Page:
Sign the #EndFGM petition on

A new petition calling for an end to Female Genital Cutting in the Bohra community was started in September by Ranjana Sehgal and Umi Saran.

The petition is addressed to Dr. Syedna Mufaddal Saifuddin, the spiritual leader of the Bohra community, and was started in response to the Syedna’s visit to Indore to give sermons during the first ten holy days of Muharram.

As the petition mentions, “Although the matter is already in the Apex Court if the directive to end FGM comes from the spiritual head of the Bohra community, it will be easier to put an end to this violent practice. The Government of India’s WCD Ministry has said that FGM is in clear contravention of our laws, the Indian Penal Code and Protection of Children from Sexual Offences (POCSO).”

Over 16,000 supporters have already signed, and the campaign’s next goal is reaching 25,000 signatures.  If you would like to support by signing, click here.

Indian Supreme Court Offers Hope for Petition Against FGC, While Government Denies its Prevalence

On July 10, judges of the Supreme Court of India observed that the “bodily integrity of a woman” cannot be violated while hearing a petition about Female Genital Cutting. The Court made this observation while hearing the arguments of a petition filed by the Dawoodi Bohra Women’s Association for Religious Freedom, which claims that FGC, as practiced by the Bohra community, is not “FGM” but “circumcision”, and is an essential religious practice that they have the constitutional right to follow.

In response to these arguments, made by DBWRF’s lawyer, Abhishek Singhvi, Justice Chandrachud said, “Why should the bodily integrity of a woman be subject to some external authority? One’s genitals is (sic) an extremely private affair.” The judges also observed that the practice cannot be imposed on those who do not want it.

This is not the final verdict of the Court, and the hearings in the case on FGC in India will continue.


On June 27, India’s Ministry for Women and Child Development denied the prevalence of Female Genital Cutting in the country – it’s second U-turn on the issue in the past 13 months. This denial came after a perception poll by Thomson Reuters Foundation ranked India as the most dangerous country in the world for women, based on a variety of parameters that included the practice of FGC. The Indian government responded to this poll by issuing a press release refuting and dismissing its methodology. In the press release, the Government also stated that “Female Genital Mutilation” is “not practiced in India”.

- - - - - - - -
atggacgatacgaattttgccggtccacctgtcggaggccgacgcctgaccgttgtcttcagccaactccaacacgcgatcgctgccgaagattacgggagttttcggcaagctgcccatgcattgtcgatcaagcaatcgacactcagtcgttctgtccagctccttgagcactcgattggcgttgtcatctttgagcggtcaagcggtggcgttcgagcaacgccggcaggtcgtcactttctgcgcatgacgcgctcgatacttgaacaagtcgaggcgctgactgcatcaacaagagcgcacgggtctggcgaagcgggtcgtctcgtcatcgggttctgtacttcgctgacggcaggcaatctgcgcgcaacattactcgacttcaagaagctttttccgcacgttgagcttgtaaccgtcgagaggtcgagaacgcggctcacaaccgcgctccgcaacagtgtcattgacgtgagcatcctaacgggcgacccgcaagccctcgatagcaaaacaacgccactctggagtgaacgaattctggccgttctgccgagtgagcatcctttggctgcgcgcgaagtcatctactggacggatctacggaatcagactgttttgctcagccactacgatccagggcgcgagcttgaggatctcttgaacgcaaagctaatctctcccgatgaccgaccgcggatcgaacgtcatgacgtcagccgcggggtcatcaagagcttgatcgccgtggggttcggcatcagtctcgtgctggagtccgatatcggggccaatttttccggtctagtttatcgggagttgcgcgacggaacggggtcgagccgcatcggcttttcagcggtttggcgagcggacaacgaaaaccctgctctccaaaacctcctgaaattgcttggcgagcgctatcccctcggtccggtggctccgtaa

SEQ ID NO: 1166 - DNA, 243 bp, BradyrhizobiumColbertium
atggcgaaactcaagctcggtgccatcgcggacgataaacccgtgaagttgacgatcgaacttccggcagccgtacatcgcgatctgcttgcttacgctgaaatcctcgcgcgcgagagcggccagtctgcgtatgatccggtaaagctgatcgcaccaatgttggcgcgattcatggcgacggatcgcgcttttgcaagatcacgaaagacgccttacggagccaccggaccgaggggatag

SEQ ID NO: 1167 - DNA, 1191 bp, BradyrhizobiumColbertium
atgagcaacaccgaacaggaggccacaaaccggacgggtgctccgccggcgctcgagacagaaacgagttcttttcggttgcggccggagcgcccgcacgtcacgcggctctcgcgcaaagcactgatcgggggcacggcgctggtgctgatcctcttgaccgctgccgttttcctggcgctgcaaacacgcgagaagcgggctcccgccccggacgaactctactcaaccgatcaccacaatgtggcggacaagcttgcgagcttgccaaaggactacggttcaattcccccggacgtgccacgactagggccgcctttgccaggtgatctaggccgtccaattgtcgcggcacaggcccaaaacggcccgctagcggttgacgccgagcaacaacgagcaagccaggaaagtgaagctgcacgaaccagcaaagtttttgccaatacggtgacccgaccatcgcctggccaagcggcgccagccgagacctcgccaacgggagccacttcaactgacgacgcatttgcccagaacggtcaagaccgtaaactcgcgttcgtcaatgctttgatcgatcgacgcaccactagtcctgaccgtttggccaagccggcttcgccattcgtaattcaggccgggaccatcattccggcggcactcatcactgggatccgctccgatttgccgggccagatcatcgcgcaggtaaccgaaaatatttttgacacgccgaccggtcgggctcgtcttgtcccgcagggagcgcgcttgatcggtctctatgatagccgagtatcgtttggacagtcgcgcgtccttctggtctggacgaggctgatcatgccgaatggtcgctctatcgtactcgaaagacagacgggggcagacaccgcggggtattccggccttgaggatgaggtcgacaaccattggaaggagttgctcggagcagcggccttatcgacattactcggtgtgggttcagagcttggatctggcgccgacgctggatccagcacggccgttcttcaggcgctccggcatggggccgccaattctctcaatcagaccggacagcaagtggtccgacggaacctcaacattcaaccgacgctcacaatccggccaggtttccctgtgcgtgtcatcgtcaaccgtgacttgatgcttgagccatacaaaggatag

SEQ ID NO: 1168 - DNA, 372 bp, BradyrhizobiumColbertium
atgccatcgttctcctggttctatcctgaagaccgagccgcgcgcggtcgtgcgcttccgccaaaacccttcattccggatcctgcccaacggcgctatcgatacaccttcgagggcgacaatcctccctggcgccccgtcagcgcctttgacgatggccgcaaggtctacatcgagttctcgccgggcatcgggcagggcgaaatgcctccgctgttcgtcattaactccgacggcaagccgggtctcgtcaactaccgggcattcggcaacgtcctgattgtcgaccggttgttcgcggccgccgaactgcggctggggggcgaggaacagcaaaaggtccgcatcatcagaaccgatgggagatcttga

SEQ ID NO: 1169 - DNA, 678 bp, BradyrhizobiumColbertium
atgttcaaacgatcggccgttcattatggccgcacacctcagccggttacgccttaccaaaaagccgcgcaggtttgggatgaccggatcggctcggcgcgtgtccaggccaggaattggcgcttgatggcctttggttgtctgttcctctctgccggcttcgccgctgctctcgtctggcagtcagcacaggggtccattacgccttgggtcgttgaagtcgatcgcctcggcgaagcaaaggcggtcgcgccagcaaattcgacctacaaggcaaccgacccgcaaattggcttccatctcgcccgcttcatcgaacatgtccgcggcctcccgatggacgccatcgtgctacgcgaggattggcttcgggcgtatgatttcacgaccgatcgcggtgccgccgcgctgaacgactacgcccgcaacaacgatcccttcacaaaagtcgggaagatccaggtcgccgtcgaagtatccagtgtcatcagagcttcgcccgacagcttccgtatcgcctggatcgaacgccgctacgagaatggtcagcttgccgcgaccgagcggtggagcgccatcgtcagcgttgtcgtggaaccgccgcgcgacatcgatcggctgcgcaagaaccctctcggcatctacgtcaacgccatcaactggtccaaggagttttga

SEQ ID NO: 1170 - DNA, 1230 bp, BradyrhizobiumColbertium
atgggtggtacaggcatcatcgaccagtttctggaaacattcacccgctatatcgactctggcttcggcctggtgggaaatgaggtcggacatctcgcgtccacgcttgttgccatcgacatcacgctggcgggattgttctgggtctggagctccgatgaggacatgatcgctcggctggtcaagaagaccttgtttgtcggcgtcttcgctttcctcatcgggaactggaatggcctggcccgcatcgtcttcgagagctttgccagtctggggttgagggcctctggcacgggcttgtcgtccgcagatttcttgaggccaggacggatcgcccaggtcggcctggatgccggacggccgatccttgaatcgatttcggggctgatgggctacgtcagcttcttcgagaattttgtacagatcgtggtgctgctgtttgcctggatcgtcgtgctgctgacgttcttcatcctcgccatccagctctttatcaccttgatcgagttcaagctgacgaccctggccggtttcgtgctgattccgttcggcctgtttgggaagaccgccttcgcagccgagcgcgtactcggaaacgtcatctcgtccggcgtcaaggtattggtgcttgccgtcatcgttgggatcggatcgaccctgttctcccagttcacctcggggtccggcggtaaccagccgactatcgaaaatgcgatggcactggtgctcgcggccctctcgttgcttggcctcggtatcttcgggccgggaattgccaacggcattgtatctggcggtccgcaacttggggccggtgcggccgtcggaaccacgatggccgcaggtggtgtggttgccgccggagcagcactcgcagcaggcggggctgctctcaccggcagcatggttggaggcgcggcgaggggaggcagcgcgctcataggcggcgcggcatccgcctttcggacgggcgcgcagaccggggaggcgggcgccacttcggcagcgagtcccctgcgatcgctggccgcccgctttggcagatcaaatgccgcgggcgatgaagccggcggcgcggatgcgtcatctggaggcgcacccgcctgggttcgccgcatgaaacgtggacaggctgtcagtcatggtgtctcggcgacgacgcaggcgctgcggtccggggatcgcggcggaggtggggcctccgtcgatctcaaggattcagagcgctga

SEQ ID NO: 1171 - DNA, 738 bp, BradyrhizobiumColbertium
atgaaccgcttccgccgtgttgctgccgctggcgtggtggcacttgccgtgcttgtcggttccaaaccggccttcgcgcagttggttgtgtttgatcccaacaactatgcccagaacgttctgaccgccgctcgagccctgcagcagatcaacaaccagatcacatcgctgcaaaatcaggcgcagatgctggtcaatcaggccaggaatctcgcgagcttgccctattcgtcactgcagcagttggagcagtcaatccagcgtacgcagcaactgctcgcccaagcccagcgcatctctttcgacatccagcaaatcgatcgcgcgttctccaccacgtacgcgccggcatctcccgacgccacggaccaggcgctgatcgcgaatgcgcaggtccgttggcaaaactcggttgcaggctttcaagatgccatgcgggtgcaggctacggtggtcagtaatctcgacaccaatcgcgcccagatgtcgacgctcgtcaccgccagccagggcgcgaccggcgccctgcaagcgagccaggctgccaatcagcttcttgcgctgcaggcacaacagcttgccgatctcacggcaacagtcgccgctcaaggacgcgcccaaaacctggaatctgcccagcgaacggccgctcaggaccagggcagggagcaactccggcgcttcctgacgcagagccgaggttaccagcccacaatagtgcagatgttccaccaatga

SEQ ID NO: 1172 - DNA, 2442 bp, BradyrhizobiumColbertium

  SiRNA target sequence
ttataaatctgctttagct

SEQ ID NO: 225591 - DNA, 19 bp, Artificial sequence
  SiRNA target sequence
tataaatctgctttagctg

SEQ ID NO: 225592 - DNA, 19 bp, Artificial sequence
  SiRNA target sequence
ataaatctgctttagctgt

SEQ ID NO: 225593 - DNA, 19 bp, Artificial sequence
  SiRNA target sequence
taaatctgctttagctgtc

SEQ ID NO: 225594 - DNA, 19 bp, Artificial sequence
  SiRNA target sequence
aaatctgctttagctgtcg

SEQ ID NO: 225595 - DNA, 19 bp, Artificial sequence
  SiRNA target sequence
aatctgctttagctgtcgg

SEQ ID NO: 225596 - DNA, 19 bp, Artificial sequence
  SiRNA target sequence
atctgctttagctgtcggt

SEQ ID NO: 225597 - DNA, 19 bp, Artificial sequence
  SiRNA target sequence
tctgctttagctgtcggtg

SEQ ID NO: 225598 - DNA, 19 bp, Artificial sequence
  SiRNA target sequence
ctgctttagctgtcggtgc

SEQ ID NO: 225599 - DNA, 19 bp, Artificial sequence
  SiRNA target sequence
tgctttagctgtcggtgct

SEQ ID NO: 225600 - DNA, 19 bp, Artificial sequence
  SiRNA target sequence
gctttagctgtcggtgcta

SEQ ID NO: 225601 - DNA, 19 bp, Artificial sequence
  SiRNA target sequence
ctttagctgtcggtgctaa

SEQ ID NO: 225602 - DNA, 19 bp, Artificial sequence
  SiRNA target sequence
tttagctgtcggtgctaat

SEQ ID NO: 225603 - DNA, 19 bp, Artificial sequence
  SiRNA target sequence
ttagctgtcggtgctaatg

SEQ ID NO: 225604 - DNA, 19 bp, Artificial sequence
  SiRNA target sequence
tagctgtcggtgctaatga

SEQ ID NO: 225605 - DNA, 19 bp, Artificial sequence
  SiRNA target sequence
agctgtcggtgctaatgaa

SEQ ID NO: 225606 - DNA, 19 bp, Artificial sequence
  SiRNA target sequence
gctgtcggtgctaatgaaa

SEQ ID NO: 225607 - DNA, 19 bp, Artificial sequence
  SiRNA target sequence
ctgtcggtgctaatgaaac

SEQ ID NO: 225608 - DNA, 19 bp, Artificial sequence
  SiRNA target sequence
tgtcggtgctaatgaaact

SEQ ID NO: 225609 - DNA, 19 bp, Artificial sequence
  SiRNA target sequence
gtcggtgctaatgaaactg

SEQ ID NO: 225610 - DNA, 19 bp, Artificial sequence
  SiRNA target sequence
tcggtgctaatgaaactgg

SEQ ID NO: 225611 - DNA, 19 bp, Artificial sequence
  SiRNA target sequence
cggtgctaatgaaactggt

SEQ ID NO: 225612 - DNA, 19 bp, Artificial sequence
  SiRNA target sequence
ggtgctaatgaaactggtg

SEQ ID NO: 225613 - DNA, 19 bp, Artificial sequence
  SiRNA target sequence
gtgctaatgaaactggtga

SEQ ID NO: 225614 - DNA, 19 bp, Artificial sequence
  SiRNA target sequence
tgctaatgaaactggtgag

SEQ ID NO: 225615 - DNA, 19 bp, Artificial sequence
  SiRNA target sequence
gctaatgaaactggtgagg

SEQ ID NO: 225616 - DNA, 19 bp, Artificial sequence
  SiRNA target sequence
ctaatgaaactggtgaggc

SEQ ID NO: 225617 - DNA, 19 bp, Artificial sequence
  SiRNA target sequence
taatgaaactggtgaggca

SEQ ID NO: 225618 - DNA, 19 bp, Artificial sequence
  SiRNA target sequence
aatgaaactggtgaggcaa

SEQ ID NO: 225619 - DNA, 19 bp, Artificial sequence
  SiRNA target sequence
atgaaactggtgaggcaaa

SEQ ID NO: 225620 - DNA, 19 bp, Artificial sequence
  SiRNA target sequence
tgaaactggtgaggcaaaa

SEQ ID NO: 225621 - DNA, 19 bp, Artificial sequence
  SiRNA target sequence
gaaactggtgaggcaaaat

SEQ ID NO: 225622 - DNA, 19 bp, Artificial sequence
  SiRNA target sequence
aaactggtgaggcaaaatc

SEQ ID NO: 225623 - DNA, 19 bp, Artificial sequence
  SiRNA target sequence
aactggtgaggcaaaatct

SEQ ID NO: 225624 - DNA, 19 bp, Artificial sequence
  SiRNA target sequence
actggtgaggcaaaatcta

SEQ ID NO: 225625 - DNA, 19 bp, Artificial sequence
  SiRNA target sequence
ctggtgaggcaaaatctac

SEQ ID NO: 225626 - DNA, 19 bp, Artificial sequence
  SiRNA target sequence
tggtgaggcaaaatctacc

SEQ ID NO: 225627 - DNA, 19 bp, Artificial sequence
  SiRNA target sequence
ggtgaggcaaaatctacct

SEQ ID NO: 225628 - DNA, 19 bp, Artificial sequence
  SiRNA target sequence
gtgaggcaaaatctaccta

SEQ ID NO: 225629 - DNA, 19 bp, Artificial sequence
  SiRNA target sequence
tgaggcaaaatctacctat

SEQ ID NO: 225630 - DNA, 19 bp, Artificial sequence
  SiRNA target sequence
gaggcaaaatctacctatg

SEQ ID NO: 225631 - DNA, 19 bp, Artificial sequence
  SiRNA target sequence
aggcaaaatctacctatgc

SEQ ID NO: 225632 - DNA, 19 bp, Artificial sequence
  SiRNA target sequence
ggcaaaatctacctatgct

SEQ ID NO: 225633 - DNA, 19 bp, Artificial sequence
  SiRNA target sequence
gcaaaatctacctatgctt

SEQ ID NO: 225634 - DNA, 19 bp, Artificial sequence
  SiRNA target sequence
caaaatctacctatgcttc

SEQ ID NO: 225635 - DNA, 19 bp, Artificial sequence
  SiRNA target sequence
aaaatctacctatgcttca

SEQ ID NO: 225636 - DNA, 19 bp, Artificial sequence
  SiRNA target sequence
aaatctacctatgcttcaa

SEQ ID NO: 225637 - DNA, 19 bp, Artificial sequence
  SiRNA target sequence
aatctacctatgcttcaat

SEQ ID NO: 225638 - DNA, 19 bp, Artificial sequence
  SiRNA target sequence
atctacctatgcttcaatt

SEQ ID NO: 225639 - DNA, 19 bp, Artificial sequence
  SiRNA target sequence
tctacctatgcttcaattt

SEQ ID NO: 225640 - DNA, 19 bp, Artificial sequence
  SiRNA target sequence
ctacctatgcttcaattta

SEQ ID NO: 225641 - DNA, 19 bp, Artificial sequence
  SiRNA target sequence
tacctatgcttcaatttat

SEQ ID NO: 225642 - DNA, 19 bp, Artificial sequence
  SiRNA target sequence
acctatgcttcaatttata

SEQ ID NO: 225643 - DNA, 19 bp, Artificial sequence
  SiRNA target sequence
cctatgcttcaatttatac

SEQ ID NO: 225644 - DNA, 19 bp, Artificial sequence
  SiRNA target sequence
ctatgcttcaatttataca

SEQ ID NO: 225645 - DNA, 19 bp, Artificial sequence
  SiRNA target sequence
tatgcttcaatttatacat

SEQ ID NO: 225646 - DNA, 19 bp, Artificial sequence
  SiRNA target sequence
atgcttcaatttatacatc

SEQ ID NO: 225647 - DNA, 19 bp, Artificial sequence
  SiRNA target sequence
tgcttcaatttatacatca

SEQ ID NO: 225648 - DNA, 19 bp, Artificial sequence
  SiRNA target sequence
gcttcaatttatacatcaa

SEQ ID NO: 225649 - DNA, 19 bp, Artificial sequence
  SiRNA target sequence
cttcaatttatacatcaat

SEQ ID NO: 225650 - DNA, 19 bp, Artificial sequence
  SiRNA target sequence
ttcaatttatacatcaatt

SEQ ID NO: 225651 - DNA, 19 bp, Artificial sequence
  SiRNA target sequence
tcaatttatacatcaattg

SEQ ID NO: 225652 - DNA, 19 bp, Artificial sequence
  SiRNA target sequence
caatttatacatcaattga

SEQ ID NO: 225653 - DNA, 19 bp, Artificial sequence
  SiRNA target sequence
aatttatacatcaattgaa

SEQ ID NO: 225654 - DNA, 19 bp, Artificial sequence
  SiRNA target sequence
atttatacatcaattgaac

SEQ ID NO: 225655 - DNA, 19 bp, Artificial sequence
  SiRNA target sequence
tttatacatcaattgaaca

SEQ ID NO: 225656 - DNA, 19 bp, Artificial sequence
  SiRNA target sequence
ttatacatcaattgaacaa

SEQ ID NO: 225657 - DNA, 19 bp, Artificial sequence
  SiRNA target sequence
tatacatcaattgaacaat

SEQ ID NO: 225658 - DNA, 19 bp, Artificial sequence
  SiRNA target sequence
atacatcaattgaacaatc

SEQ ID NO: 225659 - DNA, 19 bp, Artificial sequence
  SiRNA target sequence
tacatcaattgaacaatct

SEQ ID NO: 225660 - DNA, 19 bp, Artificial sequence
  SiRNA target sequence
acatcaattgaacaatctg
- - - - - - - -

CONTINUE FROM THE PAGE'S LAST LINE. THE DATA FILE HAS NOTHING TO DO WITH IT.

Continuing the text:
This is clearly at odds with the stand that the Central Government took in the Supreme Court just two months ago when it stated that FGC is “already an offence” under Indian law and asked the Court for guidelines on how to tackle the challenge of FGC.

This is not the first time that the government has made contradictory statements about FGC. Women and Child Development Minister Maneka Gandhi had first publicly acknowledged the practice of FGC in India, and the need to ban it, in May 2017. In December 2017, however, the Government dismissed the testimonies of several women who have spoken out about their FGC experiences by claiming, in the Supreme Court, that there is no “official data” to support the existence of FGC in India.

Such flip-flops leave FGC survivors in the lurch, unsure of whether their government is likely to support the end of a practice that continues to harm so many women and girls in India.

Read more:

Sahiyo comment – An appeal to Maneka Gandhi: Stop the flip-flops on Female Genital Cutting

The problem with the Indian Government denying the existence of Female Genital Mutilation in India: Priya Goswami

Sign Sahiyo’s petition asking the United Nations for more investment towards research and advocacy on Female Genital Cutting in Asia.

Sahiyo’s petition to the United Nations needs your help

In December 2016, Sahiyo started a petition with to encourage the United Nations to invest in research on Female Genital Mutilation/Cutting in Asian countries. The petition proposes to end FGM/C worldwide by 2030, and Sahiyo needs the support of 7,500 petition signers to accomplish our goal.

The United Nations reports that at least 200 million women have undergone FGM/C, but their data is mostly restricted to countries in sub-Saharan Africa. FGM/C is reported in many Asian, European, and Middle Eastern nations; however, there is a considerable lack of data from these countries, which means the global scope of the problem of FGM/C remains unknown.

In the past year, cases of FGM/C in Sri Lanka, India, and other Asian countries have come into the light of the media and attracted the attention of government officials. The Indian Government’s Ministry of Women and Child Development told the Indian Supreme Court that there was no official data to support the prevalence of FGM/C in India. This ruling was a massive disappointment to activists and researchers who are working to bring more research and awareness to the prevalence of FGM/C in India and Asia.

Asian countries have been excluded from the UNFPA-UNICEF Joint Programme to Accelerate the Abandonment of FGM/C. With more support for research initiatives, Asian countries can conduct research, bring further awareness to the issues within their countries as well as in the global context, and propose legislative change with qualitative backing.

We need about 2,000 more signers to reach our petition goal. Click this link to help us advance our mission to eradicate FGM/C in Asia and worldwide! Help us spread the word by sharing our petition within your networks.